Little by little Tomkins is clawing its way back. The old days of the sprawling conglomerate are gone. There are no buns or guns now, just a business trying to be an automotive specialist.
This is a tough market, and yesterday's half-year results showed the pain of a business reliant on car manufacturers and the US economy. Operating profits for the six months to June were down to £136m from £159m the year before. However, there was a £16.5m hit to profits from currency fluctuations.
Jim Nicol, the American chief executive, talks about honing the company's "lean manufacturing" process, which involves reduced floorspace, using technology more efficiently and making staff cuts. Savings have totalled £11m in the first half and are on track to hit £20m in the full year, ahead of the £18m expected. Savings of £50m are forecast for 2004.
He also talks a great deal about increasing sales in the so-called "aftermarket". This is sales of things like windscreen wipers to distributors rather than to manufacturers.
Another plan is to reduce the exposure to the US, which currently accounts for around two-thirds of sales. The idea is to increase scale in Asia, with the business already opening an extra plant in China.
Most of the non-core businesses have been sold but some anomalies remain, such as a business that makes baths and taps. Definitely for the chop is the materials handling division that installs conveyors systems. Offers have been received but have so far been rejected.
Other bolt-on acquisitions are planned, though none are imminent. The biggest recent deal was the £154m purchase of car-parts maker Stackpole.
Tomkins shares have had a good year, outperforming the FTSE100 index by about 25 per cent so far. The stock - 261.25 yesterday - trades on a forward P/E of 14. The company looks to be on a more stable footing, but with little upturn evident in the company's major markets there is no reason to buy now. Hold.
Wellington is cheap way in to Lloyd's
In common with most Lloyd's of London insurers, Wellington Underwriting is having a good year. Lloyd's insurers have been able to retain the high premiums in many lines of business which were kick-started in the wake of the 11 September attacks in 2001.
At the same time, they have had few claims on their policies because of the low number of natural disasters and other catastrophes in the past year.
Wellington yesterday reported pre-tax profits of £23.3m in the six months to 30 June, up from just £3.7m in the same period last year. The company's combined ratio of premiums to claims fell from 106 per cent to 92 per cent. The ratio needs to be below 100 per cent to signify profitability.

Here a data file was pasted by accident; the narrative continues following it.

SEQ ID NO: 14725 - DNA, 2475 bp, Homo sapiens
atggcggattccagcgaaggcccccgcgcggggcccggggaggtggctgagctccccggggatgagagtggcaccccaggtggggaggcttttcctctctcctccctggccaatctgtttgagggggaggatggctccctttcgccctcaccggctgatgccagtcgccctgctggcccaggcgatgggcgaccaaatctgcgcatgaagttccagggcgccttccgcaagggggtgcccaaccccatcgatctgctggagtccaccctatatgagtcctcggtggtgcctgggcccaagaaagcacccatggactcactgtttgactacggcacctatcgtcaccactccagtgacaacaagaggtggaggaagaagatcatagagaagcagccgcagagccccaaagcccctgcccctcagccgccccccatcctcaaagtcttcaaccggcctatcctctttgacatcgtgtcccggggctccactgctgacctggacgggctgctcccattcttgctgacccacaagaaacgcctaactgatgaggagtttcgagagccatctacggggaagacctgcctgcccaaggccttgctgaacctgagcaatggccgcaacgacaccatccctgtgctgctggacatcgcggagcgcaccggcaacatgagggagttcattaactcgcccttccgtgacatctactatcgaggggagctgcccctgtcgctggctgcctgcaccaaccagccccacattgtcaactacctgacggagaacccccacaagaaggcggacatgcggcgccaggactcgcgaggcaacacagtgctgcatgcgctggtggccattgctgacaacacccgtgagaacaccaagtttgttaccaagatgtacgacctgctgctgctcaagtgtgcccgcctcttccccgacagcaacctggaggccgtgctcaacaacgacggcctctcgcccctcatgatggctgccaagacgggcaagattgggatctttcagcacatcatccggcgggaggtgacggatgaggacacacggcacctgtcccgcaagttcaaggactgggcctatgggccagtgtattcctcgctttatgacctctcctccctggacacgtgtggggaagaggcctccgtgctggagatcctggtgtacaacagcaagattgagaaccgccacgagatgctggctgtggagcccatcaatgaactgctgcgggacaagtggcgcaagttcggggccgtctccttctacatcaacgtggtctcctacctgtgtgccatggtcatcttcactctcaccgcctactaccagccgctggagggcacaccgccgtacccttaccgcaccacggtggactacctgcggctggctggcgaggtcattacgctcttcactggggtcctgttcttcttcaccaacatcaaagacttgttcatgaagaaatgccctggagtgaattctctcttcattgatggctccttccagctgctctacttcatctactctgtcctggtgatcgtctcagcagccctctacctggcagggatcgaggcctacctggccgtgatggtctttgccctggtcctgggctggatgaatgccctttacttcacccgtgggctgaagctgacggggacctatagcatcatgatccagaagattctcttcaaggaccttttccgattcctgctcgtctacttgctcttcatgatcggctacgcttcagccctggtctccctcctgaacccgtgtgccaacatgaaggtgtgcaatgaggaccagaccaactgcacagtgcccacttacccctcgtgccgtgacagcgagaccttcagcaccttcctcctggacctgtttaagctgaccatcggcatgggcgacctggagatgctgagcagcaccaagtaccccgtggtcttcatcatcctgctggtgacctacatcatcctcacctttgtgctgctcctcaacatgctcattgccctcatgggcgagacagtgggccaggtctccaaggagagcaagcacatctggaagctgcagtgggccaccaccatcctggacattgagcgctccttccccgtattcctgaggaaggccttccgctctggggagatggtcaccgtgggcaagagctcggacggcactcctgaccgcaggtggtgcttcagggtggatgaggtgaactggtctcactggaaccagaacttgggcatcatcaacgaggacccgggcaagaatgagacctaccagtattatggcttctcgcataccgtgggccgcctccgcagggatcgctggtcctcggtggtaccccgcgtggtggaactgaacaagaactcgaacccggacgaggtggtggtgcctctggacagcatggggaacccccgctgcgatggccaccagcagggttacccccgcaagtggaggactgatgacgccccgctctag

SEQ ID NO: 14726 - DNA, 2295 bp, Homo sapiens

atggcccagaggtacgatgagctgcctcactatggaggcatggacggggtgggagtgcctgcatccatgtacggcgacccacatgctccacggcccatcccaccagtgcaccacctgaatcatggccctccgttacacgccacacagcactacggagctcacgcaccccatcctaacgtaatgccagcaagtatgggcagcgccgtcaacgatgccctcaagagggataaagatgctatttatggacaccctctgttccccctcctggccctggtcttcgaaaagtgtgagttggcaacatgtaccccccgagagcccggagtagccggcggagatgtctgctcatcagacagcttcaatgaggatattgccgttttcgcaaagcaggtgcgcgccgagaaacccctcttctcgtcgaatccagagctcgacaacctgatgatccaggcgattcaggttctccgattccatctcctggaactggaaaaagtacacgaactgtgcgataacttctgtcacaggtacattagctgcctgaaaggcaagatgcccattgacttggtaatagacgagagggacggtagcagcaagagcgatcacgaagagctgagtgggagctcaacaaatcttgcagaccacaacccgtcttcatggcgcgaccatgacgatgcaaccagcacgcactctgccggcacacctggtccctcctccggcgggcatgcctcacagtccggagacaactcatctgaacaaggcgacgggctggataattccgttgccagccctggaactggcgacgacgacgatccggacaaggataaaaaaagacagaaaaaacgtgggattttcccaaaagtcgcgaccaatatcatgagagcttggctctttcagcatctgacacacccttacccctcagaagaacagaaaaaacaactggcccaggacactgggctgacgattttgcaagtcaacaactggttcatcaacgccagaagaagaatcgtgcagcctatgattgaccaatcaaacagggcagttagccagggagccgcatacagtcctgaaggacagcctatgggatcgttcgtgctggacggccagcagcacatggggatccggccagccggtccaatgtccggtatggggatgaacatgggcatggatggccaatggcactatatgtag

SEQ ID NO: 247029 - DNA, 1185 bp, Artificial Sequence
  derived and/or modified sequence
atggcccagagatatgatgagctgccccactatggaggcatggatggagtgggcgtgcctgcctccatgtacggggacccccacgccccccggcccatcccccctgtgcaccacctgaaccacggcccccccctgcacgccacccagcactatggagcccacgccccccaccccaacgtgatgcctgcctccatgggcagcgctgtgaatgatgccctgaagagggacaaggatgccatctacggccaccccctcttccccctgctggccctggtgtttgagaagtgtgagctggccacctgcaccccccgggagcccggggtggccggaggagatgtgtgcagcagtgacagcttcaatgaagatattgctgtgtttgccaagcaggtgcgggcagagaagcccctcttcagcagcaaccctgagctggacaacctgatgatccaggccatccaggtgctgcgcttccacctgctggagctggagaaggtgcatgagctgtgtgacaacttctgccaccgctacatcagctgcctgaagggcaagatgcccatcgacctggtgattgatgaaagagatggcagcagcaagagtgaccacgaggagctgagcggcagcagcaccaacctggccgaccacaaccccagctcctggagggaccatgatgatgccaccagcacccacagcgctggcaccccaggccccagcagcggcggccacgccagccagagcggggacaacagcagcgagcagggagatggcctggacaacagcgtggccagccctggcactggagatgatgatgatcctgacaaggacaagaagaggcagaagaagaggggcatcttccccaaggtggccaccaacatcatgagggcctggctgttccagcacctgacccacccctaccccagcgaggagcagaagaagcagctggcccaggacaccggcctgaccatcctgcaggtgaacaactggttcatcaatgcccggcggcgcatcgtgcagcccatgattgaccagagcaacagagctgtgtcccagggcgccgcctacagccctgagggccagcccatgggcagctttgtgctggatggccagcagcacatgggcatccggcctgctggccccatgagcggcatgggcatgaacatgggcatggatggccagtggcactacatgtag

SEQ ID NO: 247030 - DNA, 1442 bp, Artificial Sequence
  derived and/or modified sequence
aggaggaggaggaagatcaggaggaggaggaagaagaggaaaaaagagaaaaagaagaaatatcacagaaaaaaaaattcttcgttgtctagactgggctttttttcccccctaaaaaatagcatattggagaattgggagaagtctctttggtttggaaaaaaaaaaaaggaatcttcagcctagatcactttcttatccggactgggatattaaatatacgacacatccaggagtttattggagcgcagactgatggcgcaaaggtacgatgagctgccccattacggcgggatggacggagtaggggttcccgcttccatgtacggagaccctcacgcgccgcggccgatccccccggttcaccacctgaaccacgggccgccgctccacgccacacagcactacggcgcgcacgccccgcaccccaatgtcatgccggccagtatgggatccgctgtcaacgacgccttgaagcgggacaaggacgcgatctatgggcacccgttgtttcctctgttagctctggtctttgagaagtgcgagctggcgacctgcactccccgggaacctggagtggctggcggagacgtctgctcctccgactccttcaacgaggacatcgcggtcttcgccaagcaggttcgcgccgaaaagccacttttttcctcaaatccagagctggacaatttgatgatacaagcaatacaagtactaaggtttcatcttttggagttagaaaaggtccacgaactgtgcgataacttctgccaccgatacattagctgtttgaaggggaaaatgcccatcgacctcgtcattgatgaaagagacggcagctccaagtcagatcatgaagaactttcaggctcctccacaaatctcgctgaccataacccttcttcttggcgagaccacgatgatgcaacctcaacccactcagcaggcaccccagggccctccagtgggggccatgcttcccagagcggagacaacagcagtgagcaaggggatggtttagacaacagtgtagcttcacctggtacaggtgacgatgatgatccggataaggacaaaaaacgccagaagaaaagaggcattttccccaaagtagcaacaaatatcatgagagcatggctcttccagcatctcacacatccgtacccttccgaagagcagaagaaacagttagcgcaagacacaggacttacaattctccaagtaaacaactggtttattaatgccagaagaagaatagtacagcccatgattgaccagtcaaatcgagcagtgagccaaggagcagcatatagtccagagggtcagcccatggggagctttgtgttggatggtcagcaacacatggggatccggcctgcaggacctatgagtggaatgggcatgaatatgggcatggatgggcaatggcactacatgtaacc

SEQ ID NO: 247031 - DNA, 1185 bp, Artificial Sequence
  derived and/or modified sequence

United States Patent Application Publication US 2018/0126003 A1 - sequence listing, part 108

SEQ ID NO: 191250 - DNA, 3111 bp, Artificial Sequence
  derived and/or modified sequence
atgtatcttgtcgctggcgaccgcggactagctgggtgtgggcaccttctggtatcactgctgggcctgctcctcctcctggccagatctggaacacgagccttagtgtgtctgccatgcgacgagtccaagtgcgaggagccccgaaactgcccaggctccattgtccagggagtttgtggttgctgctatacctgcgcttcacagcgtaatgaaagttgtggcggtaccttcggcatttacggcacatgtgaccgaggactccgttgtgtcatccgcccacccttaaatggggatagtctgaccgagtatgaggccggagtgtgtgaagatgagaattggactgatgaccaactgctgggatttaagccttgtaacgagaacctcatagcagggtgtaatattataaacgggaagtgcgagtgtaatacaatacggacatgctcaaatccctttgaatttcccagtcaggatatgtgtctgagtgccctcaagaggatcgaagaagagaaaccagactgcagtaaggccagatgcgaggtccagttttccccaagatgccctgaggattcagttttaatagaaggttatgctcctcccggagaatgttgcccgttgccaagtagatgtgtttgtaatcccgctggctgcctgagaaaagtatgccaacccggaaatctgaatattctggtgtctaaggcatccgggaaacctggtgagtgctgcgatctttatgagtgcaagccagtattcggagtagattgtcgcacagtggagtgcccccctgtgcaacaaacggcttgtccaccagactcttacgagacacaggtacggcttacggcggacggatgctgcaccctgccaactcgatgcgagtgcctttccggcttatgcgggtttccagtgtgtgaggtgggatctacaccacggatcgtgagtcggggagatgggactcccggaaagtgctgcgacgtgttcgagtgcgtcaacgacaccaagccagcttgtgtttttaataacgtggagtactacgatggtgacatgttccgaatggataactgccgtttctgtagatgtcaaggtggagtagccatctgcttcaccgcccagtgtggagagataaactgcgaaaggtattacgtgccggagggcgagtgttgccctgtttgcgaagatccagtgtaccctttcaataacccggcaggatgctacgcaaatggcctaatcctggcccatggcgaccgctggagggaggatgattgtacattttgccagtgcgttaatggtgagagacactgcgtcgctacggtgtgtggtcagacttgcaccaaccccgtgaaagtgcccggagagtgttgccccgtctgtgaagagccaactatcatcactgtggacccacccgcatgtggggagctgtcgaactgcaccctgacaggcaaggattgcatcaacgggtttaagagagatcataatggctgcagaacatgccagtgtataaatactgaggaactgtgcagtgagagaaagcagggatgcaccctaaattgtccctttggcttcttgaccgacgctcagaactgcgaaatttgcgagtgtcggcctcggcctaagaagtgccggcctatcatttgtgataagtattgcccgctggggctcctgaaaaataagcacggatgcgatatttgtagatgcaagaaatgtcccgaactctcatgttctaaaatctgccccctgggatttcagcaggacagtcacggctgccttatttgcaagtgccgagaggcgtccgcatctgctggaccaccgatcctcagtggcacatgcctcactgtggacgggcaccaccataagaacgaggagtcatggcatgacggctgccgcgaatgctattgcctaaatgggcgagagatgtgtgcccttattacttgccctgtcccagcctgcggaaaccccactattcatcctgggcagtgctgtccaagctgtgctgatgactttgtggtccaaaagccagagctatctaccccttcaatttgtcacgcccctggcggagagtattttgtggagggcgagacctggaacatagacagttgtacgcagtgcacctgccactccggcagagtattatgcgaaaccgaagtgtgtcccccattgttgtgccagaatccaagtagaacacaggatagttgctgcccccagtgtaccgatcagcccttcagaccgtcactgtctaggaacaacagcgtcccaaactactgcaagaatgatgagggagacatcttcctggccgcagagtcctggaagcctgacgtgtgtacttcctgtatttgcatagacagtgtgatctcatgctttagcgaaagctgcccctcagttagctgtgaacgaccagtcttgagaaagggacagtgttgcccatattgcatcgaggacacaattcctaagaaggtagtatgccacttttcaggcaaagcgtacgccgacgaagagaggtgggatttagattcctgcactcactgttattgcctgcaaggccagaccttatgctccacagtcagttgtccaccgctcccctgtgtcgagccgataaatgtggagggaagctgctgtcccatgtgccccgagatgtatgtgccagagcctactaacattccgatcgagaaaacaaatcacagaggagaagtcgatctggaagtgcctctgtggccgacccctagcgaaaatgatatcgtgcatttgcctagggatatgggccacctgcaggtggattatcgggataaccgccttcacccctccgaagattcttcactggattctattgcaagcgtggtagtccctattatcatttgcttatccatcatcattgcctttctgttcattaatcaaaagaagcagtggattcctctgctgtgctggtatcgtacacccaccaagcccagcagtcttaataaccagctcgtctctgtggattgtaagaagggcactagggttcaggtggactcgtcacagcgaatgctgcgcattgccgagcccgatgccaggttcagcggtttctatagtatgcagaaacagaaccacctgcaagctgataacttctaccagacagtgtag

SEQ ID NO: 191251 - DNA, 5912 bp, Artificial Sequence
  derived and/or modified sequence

Wellington last year restructured its business, stripping its volatile reinsurance arm out of its Lloyd's business and creating a separate vehicle, Aspen Re. The timing was fortunate, as reinsurance has been a particularly profitable sector, and Aspen Re contributed £9.2m to Wellington's profits.
Wellington's core Lloyd's business, which includes aviation, property and employment liability cover, and its US arm also performed strongly. The company reassured the City that as and when premiums deteriorate it will reduce capacity rather than take on less profitable business.
Wellington's shares have been on a roller coaster ride this year, yesterday dipping slightly 2p to 91.5p. With a forward price/earnings ratio of 9 the company is at the inexpensive end of the Lloyd's companies. Buy.
Good occupancy rates boost Slough Estates
There have been a lot of bullish noises about the property market in the past week or so from the likes of Brixton and Hammerson.
Slough Estates, which specialises in industrial property was slightly less bullish yesterday. Ian Coull, chief executive, said that Slough had not yet seen any recovery in rents and that there was still an imbalance between supply and demand.
This pushed the shares down yesterday but the company did point to good occupancy rates and low gearing as reasons why it is poised to take advantage of any upturn.
Yesterday's half-year figures showed a 6 per cent fall in profits to £71.8m. On the positive side 53 per cent of Slough's core rental income is on long leases of 10 years plus. The occupancy rate of 90.3 per cent is actually slightly higher than a year ago and the development programme is 77 per cent pre-let.
Slough only has a modest development pipeline at the moment but claims that its low gearing will enable it to act quickly when fortunes definitely turn.
Encouragingly, the board has hiked the dividend by 6.4 per cent, which should give shareholders grounds for optimism.
Net assets per share have slipped 1 per cent to 514p. That compares with yesterday's closing price of 369p.
That looks a big discount and the stock appears a decent hold.Reuse content